Our dads at the Marine Discovery Centre have been very busy. We were lucky enough to welcome both Pot-Bellied Seahorse babies and Purple-Spotted Gudgeon eggs to the creature family this week. In each of these species of fish, the male is responsible for most of the care of the eggs. As the babies hatch, they are then on their own and begin to swim and feed immediately.
The Purple-Spotted Gudgeon is a critically endangered freshwater species in South Australia, so it is even more exciting that we are seeing their eggs. The female will lay the transparent and sticky eggs on the underside of rocks or logs in their freshwater habitat, or on the glass of the tank in our case. The male then guards the eggs and fans them with his pectoral and pelvic fins to keep them clean and ensure no sediment settles on them. After approximately 8 days the eggs hatch and tiny gudgeon fry are born at around 4mm long. We are hoping to catch the hatching of our eggs so that we can try and separate juveniles from other hungry freshwater fish in the tank.
Seahorse fathers care for the eggs in a pouch located on their belly; the female will transfer her eggs to his pouch in a mesmerising courtship dance. The male pot-bellied seahorse will incubate the eggs for around 1 month until they hatch, after which he gives birth to hundreds of little seahorse fry. These babies are only around 12mm long and are usually born at night to avoid predators including other hungry seahorses nearby. This means in a tank environment the fry must be separated from the adult seahorses as soon as possible to avoid being confused with the mysis and brine shrimp we feed them.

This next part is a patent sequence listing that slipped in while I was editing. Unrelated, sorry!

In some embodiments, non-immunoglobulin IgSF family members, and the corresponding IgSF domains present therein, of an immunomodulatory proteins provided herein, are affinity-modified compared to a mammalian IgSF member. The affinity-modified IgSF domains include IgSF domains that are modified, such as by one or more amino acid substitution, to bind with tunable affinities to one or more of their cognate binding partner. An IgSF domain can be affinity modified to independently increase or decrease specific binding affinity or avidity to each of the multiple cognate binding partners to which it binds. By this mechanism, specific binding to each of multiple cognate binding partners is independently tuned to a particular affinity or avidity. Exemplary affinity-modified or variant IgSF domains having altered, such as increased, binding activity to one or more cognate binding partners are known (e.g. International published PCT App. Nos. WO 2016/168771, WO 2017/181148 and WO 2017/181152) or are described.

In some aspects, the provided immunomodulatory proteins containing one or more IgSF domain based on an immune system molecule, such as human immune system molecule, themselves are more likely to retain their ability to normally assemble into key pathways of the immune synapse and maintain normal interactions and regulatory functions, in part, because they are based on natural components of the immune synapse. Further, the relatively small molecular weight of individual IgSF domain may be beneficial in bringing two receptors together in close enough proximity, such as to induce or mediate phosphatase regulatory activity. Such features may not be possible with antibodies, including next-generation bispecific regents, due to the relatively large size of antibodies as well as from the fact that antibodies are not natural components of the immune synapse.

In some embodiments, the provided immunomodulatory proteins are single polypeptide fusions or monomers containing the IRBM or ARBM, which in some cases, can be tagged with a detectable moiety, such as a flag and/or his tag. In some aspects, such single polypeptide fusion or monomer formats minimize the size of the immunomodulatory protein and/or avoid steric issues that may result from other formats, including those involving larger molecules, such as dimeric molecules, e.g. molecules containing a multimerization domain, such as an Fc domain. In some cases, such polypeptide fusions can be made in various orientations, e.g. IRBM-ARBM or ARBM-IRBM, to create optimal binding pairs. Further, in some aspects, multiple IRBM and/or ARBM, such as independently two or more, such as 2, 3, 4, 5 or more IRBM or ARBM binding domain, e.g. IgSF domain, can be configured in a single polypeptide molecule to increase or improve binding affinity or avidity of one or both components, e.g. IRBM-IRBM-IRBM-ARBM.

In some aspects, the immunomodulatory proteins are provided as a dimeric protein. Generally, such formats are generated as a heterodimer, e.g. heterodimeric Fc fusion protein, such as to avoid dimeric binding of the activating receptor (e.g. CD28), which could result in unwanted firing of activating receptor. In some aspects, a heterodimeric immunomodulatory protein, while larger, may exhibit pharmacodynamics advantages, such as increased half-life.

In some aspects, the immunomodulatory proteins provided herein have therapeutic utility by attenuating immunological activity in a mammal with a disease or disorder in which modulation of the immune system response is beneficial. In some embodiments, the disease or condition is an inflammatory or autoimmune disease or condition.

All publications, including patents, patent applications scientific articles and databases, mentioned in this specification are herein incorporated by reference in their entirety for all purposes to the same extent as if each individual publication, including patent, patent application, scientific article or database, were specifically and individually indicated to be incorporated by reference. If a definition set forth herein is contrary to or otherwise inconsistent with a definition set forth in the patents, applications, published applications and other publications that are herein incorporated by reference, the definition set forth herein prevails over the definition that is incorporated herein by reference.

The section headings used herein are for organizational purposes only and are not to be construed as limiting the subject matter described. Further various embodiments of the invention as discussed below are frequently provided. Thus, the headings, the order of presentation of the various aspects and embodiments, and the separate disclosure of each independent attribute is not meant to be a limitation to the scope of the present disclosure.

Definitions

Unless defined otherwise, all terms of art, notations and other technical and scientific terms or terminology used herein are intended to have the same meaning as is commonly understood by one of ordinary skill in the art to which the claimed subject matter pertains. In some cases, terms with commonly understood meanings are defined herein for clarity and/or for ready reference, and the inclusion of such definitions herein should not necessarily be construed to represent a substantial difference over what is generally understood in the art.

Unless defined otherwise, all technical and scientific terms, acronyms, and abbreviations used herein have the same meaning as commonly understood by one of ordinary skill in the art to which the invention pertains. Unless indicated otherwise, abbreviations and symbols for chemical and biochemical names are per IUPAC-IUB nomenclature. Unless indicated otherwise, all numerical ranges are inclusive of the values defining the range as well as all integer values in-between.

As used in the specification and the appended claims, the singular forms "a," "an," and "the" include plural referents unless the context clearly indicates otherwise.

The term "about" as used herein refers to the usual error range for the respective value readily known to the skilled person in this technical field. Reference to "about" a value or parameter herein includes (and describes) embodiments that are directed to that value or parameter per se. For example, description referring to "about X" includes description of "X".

Our baby seahorses are separated in a clear container covered in fine mesh which floats in the adult seahorse tank. This allows us to observe and feed them, as well as allowing for fresh water circulated within the container. We feed them baby artemia; a type of crustacean that makes up the plankton eaten by seahorses in the ocean and is small enough for the baby seahorse’s tiny snout.
Unfortunately, all fish species have a high mortality rate in the first few weeks of life. This is due to the reproductive strategy of fish in which many eggs are produced, but young are not cared for. This is in contrast to animals including mammals and birds in which fewer eggs are produced but young are cared for by parents. Seahorse fry are susceptible to predation, changes in temperature and salinity, swallowing air into pockets in the body disrupting buoyancy, and being swept away from feeding grounds by ocean currents. It is estimated that less than 0.5% of seahorse fry survive until adulthood, so we are doing all we can to assist in the survival of our beautiful babies.
For more information about baby seahorses read :https://core.ac.uk/download/pdf/41335684.pdf